"We don't disrespect another school by apologizing for working hard," Foster said. "I know if I was on the wrong end of a high score, I would feel patronized if someone apologized to me for it.

"I know our school wishes every game was close. Five-point games are the best games. That's where everyone learns something."

It's hard to have that in a league that has AAA schools competing against single-A schools (Ontario's smallest classification). Warman's team also had a two-week exam break followed by games against the two non-playoff teams before the playoffs.

"My whole thing was to keep my team motivated," Warman said. "I was trying to work in some new things we'll need for NSSAA (playoffs) or for a CWOSSA (regional) qualifier."

Lakers coach Dan Avey declined to comment. When I outlined Warman's predicament to Port Dover teacher and coach Derek McConnell, his comment was, "Well, too bad."

In McConnell's view, this was no ordinary one-sided wipeout. Not after the Sabres played full-court man-to-man defence throughout the second half in what Warman admitted was an effort to reach the 100-point plateau.

"I just don't think you do that at the expense of other kids," McConnell said, adding, "The coach (Avey) and the kids handled it well, but I don't want it to discourage them."

At halftime, Simcoe had allowed just five points and scored close to 50, but Warman wanted to keep his guys interested.

"When the guys decided to go for 100, I said, 'fine, if you think you can, go for it,'" Warman related. "I didn't think they could, but I offered them the challenge."

In hindsight: "It was maybe not the right call."

Veteran SCS coach Chris Harvey said after the game, he spoke with Warman - "we wanted to give him some options" - about how to handle a similar situation.

For instance, what about having the clock run the entire second half? Simcoe could have kept pressing, but would have fallen short of 100 points and there would have been no controversy.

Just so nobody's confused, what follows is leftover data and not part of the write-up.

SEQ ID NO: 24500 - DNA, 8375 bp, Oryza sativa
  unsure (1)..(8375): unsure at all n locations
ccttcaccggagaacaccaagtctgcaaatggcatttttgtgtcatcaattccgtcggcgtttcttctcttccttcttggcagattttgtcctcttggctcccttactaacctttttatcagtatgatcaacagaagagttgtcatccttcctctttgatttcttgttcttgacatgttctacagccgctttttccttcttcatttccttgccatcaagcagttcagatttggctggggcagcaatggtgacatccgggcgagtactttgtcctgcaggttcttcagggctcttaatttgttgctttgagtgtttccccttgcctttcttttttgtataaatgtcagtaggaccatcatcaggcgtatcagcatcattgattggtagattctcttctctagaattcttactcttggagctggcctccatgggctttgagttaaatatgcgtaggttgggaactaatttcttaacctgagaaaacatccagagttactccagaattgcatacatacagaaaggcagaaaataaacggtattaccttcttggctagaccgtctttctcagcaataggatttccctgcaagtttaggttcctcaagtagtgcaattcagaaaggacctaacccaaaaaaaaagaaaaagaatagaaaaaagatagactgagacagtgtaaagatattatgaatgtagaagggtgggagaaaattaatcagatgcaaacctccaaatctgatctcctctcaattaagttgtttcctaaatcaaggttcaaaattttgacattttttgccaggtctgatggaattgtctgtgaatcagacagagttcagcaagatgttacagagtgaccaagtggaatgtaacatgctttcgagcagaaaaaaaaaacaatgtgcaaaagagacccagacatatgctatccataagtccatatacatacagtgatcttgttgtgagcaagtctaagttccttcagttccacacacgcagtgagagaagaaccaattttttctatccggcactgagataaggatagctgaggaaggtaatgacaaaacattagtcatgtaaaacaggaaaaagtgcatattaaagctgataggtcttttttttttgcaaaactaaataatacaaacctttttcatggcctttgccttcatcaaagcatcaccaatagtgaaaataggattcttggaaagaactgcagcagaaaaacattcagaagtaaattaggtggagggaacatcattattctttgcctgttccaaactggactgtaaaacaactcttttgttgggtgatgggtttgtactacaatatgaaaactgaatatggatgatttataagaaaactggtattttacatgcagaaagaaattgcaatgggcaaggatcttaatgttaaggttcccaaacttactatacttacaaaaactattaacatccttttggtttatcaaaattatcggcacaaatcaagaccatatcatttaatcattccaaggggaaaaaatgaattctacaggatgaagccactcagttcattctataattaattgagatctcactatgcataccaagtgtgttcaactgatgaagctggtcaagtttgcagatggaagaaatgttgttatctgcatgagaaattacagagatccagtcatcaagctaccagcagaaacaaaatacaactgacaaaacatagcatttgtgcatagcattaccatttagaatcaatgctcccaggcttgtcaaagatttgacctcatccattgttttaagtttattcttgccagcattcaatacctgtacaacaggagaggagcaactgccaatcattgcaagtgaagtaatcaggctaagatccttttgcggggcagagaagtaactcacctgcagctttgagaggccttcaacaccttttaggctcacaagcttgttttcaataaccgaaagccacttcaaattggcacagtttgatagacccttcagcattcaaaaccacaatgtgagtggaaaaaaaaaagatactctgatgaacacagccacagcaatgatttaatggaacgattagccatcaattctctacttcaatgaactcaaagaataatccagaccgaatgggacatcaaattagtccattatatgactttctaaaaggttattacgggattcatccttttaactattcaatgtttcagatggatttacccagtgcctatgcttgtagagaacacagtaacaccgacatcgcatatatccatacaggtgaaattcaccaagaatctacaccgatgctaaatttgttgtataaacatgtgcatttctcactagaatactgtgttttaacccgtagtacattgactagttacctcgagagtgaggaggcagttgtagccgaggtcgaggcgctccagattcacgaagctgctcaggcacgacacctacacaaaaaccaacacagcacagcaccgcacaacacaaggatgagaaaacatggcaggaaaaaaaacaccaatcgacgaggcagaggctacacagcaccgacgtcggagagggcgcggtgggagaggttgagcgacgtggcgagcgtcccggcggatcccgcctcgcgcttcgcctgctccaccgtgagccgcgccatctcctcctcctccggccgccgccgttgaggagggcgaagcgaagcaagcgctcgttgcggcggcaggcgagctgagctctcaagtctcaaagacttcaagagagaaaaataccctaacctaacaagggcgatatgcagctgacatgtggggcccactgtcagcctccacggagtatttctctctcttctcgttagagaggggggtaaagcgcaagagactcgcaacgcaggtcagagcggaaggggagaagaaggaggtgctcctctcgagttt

"Running the clock would have been a good idea," Warman said.

Clearly, Warman realizes nothing good came out of this.

"He is a good young coach that ended up in a situation that neither team ended up benefiting from," Harvey said on Thursday.

That young coach is understandably feeling frustrated for catching flack. But there were drawbacks to thinking only of this week's playoffs.

People are making a big deal of it and I didn't see it coming," Warman said. "It's become a big deal, and I'll gladly issue an apology."

Addressing the dilemma is better than apologizing. It appears SCS realizes what kind of message it sends when the first basketball game sees a team needlessly pounding on an overmatched team.

Foster knows that isn't the kind of image that truly reflects his school. SCS is in a privileged position these days, thanks to publicity generated by the new gym. It's kind of sad the junior team's 100-point binge came in the first basketball game there.

"For us, it's a learning experience as well," Foster said. "Since it happened, we've talked about it — what we do the future if that situation comes up again, what would we expect of the other team if we were on the other side. Hopefully we can go from there."

I'm told that last Tuesday, SCS fans applauded the Lakers' Cody Mummery for hitting a three-pointer right before the final buzzer that cut the margin of victory to a mere 67 points.

Clearly, SCS is showing a little remorse. As well it should.
The point is these mismatches have become a fact of life in high school athletics in North America. No one is more frustrated by it than coaches. The media missed the point on this as they rushed to make an example out of Micah Grimes and give a show of false compassion for the losing side.

100-0 (Christopher Sells, HoopsVibe)